For families with a mix of biological children and stepchildren, first spouses and second spouses, making out an equitable will can seem impossible. No one wants to leave their heirs with a mess to sort out or fight over. Here's a look at the top six things to remember when you're estate planning for a blended family.
A recent article in TheStreet.com, titled "6 Things to Consider When Estate planning for Your Second Family," suggests that you first consider how long your family has been together. If you and your second spouse married when your children were still young, or if you had your own children together, your family is hopefully just one family. If you look at all of your family's kids as "our" kids, then make provisions in your will that show that harmony, according to the original article. This is a truly blended family.
Estate planning should be considered as if each child was yours biologically, and your second spouse is actually your first spouse. On the other hand, if the children are adults or are nearing adulthood, then you may want to take a different approach. For example, you might choose to create separate provisions for your biological children and for your stepchildren. As with all estate planning, it is best to anticipate and avoid as many hurt feelings as you can by working through this with your estate planning attorney.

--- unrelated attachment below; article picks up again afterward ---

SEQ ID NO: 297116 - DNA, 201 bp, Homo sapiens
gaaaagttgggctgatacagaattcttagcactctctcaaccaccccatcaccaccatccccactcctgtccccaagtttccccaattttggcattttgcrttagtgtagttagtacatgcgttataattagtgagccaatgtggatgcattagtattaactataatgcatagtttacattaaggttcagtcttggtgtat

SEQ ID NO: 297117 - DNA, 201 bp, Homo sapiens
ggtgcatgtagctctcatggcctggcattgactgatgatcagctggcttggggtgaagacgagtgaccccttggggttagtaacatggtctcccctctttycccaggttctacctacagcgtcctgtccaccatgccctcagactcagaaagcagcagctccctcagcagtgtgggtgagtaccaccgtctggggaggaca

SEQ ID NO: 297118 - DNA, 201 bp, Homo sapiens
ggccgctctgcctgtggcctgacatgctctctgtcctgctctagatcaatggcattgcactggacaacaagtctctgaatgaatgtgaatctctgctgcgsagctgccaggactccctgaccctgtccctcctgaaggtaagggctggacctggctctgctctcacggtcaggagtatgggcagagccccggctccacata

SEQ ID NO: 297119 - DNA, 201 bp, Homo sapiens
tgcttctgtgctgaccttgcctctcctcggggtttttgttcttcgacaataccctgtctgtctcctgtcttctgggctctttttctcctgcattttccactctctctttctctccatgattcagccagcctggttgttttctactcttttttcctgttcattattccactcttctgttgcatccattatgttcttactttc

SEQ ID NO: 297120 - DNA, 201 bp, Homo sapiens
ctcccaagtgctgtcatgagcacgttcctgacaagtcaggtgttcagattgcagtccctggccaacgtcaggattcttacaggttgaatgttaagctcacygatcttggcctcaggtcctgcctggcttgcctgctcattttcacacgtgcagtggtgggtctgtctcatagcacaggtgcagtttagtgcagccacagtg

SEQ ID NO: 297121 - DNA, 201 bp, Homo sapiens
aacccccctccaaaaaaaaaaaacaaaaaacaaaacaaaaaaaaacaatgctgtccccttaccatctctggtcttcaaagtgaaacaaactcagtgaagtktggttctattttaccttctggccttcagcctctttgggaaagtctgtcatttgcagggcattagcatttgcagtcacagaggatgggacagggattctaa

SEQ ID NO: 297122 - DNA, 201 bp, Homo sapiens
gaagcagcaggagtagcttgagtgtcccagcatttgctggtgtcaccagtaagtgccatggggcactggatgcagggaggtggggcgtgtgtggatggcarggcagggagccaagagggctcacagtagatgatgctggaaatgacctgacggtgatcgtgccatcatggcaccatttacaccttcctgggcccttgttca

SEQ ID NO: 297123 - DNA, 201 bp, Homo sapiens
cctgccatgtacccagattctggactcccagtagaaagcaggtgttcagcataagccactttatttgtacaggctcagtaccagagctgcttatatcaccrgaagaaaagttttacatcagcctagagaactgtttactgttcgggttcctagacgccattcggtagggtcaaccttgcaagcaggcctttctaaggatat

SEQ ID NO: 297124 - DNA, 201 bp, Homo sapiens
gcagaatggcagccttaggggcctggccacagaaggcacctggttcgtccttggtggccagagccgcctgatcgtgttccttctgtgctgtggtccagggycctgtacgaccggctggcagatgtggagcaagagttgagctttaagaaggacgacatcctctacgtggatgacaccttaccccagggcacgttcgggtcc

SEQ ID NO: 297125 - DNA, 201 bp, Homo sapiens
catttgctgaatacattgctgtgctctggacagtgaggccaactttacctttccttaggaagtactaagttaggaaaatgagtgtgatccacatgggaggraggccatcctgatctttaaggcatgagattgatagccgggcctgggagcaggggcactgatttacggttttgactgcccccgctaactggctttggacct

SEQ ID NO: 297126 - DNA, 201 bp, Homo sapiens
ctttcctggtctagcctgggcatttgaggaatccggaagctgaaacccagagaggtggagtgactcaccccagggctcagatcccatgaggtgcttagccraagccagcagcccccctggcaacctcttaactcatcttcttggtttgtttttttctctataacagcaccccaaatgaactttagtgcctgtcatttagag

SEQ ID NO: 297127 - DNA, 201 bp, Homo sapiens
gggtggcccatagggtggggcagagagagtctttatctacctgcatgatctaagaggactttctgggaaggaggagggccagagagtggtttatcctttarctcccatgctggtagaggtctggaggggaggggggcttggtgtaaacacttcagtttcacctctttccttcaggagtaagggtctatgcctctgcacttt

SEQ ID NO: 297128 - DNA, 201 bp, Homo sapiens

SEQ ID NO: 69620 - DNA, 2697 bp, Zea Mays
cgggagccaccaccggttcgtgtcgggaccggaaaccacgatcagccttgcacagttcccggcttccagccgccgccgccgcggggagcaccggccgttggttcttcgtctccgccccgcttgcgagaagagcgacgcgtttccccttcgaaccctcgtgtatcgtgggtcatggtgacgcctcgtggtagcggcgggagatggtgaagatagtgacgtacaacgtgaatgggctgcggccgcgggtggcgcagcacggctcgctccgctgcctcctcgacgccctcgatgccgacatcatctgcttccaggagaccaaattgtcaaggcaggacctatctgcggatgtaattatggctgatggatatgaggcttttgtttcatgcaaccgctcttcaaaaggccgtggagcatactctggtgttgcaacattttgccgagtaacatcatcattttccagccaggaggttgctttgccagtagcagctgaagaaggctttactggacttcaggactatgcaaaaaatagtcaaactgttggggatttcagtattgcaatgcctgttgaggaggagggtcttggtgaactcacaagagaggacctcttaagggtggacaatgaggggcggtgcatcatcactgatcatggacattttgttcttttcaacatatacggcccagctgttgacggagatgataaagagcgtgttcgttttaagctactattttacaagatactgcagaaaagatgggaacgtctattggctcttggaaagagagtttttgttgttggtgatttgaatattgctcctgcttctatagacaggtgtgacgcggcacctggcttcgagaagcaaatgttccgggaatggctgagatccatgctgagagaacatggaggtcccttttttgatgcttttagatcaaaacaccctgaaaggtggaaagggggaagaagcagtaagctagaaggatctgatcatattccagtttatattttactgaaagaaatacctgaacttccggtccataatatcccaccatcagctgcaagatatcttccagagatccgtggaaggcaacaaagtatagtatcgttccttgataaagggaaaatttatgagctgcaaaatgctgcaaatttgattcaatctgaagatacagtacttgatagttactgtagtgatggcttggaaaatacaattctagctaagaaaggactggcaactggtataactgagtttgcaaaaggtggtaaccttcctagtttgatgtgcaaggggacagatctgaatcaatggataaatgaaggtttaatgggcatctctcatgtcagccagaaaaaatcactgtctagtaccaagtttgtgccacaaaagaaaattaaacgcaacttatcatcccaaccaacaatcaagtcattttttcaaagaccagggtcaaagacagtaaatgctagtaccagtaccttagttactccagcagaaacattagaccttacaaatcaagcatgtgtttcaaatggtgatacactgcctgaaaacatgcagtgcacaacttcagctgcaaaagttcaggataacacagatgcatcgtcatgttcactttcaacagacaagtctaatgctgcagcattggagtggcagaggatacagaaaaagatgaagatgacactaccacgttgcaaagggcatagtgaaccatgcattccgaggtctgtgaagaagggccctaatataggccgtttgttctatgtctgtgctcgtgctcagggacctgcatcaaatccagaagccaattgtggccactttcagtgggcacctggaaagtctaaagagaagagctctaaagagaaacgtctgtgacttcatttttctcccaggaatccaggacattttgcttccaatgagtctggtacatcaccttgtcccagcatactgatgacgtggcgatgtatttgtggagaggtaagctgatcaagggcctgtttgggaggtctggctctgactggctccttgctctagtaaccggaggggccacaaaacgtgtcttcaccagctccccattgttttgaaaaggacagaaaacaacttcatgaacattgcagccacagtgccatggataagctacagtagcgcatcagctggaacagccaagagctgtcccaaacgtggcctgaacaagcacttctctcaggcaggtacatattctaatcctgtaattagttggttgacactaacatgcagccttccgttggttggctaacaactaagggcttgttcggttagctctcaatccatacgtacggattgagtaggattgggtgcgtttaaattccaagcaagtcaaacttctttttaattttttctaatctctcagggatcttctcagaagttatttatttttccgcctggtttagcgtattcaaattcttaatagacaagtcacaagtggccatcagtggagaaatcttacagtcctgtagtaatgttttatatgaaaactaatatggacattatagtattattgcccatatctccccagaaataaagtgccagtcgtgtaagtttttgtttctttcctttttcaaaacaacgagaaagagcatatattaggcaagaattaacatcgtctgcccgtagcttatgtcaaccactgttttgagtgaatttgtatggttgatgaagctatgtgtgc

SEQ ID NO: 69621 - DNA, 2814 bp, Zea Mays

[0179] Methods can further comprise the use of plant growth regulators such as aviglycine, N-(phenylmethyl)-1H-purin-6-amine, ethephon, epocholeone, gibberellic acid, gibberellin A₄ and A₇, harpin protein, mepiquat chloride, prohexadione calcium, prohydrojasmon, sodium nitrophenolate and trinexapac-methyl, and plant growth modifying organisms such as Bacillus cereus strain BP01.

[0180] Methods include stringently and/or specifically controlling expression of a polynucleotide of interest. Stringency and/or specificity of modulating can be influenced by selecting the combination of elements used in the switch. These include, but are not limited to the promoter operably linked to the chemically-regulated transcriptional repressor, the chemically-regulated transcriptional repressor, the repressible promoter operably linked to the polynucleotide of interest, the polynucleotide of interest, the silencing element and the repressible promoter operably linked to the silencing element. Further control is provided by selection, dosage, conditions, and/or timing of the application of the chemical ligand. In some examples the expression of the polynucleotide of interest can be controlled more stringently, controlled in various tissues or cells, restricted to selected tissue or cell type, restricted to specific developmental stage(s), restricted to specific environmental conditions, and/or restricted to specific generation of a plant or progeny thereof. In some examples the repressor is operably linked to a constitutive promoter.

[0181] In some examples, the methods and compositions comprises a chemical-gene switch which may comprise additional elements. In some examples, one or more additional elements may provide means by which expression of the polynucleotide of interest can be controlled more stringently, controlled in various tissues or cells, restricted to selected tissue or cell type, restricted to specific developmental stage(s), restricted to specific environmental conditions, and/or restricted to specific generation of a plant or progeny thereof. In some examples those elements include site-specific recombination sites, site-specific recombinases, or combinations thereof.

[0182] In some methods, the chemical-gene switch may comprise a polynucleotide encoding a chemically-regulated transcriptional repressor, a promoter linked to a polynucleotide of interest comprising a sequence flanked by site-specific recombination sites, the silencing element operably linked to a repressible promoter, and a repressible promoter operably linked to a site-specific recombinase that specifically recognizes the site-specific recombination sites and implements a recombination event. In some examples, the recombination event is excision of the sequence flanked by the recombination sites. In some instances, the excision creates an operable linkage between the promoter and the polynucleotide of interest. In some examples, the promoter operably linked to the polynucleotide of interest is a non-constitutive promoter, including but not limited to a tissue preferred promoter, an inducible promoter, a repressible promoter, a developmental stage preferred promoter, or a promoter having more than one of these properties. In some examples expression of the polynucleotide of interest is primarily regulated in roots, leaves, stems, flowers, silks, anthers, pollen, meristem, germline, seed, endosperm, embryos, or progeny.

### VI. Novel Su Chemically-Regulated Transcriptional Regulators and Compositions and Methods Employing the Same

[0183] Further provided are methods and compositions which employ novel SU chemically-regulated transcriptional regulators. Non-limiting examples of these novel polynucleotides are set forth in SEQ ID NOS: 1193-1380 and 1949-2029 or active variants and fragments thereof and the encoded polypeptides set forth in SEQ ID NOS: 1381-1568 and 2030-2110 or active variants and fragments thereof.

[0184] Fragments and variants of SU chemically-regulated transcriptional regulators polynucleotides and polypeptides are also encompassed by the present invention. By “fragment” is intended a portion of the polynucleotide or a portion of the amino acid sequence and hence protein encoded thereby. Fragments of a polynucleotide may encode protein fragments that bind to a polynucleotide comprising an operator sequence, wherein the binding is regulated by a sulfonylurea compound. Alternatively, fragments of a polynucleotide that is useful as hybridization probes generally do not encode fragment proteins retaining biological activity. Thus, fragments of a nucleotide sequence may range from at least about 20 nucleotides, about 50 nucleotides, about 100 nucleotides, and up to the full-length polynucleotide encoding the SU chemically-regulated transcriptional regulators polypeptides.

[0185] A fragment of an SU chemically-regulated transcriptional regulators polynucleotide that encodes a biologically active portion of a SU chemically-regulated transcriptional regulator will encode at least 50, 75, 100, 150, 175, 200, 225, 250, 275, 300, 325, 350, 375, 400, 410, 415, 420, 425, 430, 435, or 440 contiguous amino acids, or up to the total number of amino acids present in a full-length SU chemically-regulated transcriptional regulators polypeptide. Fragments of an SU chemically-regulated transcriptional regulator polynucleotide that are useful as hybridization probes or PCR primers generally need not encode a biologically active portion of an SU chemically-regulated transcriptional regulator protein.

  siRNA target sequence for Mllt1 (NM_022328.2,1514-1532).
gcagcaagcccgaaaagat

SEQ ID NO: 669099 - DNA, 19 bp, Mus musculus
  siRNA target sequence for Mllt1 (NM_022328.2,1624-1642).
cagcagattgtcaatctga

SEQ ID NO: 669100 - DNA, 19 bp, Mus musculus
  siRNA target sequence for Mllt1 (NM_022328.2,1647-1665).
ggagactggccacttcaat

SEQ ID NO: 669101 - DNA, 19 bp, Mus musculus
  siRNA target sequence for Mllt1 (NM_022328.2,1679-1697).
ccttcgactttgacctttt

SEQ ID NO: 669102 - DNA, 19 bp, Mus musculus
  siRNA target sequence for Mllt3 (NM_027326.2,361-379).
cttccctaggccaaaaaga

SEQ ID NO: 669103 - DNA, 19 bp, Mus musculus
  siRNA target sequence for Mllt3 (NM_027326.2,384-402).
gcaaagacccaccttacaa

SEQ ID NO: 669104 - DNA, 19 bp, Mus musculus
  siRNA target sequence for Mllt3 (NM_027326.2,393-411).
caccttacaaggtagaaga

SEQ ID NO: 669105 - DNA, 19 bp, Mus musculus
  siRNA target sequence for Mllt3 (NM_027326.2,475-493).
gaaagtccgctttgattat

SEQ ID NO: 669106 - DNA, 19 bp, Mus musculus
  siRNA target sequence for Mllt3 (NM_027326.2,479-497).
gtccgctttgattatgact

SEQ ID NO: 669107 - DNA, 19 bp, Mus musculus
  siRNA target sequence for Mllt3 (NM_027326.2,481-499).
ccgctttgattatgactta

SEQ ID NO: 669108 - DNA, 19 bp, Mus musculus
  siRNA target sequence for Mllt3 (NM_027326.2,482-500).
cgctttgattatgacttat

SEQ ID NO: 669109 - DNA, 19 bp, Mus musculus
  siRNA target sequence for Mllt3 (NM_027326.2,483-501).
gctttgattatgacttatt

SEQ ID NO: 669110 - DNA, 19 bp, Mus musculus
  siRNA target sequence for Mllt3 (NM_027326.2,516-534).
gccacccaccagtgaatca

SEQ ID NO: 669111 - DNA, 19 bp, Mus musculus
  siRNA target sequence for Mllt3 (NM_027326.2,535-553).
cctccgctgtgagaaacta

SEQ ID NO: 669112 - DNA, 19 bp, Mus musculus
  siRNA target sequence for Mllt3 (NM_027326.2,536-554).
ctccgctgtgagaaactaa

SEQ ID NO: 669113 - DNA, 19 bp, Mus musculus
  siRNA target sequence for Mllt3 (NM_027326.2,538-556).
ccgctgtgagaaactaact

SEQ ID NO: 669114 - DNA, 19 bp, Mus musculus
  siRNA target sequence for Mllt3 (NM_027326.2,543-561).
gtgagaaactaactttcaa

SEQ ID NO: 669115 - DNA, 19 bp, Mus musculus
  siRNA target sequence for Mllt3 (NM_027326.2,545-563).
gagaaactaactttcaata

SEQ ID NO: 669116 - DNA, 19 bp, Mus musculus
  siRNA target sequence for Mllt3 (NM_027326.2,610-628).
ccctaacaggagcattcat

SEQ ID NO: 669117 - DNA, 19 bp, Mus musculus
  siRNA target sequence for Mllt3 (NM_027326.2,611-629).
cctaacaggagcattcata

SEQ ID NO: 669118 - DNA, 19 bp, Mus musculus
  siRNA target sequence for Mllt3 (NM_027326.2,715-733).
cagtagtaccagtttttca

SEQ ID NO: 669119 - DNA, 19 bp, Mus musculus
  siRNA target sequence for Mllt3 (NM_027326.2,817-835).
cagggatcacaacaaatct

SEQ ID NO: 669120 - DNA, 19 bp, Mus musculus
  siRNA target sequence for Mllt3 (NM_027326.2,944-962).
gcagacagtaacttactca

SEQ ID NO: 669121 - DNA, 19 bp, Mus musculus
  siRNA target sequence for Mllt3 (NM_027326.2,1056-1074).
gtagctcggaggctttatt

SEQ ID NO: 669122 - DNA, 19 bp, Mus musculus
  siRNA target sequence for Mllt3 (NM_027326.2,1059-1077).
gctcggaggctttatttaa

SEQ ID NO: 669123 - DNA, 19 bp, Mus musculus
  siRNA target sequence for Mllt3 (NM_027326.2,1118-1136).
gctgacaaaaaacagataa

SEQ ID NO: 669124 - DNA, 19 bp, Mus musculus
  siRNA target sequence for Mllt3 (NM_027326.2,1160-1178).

A very common way to make provisions for your stepchildren is to leave a bequest to your spouse so he or she can distribute the inheritance, instead of giving the bequest to the children yourself.
In addition, consider providing for your second spouse and give something to your children immediately. Tip: do not structure your will so your kids have to wait for their step-parent to die before they get any inheritance.
Another very critical reminder is to communicate with everyone—either separately or as a group. The original article advises that you talk to everyone involved and let them know what you are planning and how you want things done. Managing your family's expectations and open communication is key.
Read some of the other six tips in the original article and then consult with your estate planning attorney to properly set up your own blended family estate plan.
You can learn more about this topic as well as other strategies on our website under the tab entitled: estate planning in Virginia. Be sure you also sign up for our complimentary e-newsletter so that you may be informed of all the latest issues that could affect you, your loved ones and your estate planning.
Reference: The Street (August 7, 2014) "6 Things to Consider When Estate planning for Your Second Family"